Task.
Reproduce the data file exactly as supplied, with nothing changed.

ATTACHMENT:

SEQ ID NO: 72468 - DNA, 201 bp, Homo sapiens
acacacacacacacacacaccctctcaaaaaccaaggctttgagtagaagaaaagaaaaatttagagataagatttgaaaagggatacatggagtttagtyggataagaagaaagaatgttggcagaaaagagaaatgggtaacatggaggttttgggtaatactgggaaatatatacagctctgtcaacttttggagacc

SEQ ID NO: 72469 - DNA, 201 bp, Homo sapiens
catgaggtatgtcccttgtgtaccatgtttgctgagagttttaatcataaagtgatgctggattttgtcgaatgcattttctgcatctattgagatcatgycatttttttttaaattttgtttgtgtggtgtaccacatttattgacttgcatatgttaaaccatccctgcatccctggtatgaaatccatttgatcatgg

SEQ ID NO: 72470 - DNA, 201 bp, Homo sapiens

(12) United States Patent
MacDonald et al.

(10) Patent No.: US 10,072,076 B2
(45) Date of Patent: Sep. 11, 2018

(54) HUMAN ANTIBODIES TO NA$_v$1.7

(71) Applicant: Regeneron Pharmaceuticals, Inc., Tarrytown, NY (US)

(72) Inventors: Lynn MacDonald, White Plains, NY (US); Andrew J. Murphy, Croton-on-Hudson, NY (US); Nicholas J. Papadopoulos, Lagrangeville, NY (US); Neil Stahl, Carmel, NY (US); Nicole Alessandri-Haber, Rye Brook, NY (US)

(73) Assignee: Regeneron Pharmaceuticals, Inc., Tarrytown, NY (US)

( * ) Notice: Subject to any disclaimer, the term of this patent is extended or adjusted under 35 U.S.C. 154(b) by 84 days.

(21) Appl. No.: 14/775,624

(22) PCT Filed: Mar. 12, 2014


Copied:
SEQ ID NO: 72468 - DNA, 201 bp, Homo sapiens
acacacacacacacacacaccctctcaaaaaccaaggctttgagtagaagaaaagaaaaatttagagataagatttgaaaagggatacatggagtttagtyggataagaagaaagaatgttggcagaaaagagaaatgggtaacatggaggttttgggtaatactgggaaatatatacagctctgtcaacttttggagacc

SEQ ID NO: 72469 - DNA, 201 bp, Homo sapiens
catgaggtatgtcccttgtgtaccatgtttgctgagagttttaatcataaagtgatgctggattttgtcgaatgcattttctgcatctattgagatcatgycatttttttttaaattttgtttgtgtggtgtaccacatttattgacttgcatatgttaaaccatccctgcatccctggtatgaaatccatttgatcatgg

SEQ ID NO: 72470 - DNA, 201 bp, Homo sapiens

(12) United States Patent
MacDonald et al.

(10) Patent No.: US 10,072,076 B2
(45) Date of Patent: Sep. 11, 2018

(54) HUMAN ANTIBODIES TO NA$_v$1.7

(71) Applicant: Regeneron Pharmaceuticals, Inc., Tarrytown, NY (US)

(72) Inventors: Lynn MacDonald, White Plains, NY (US); Andrew J. Murphy, Croton-on-Hudson, NY (US); Nicholas J. Papadopoulos, Lagrangeville, NY (US); Neil Stahl, Carmel, NY (US); Nicole Alessandri-Haber, Rye Brook, NY (US)

(73) Assignee: Regeneron Pharmaceuticals, Inc., Tarrytown, NY (US)

( * ) Notice: Subject to any disclaimer, the term of this patent is extended or adjusted under 35 U.S.C. 154(b) by 84 days.

(21) Appl. No.: 14/775,624

(22) PCT Filed: Mar. 12, 2014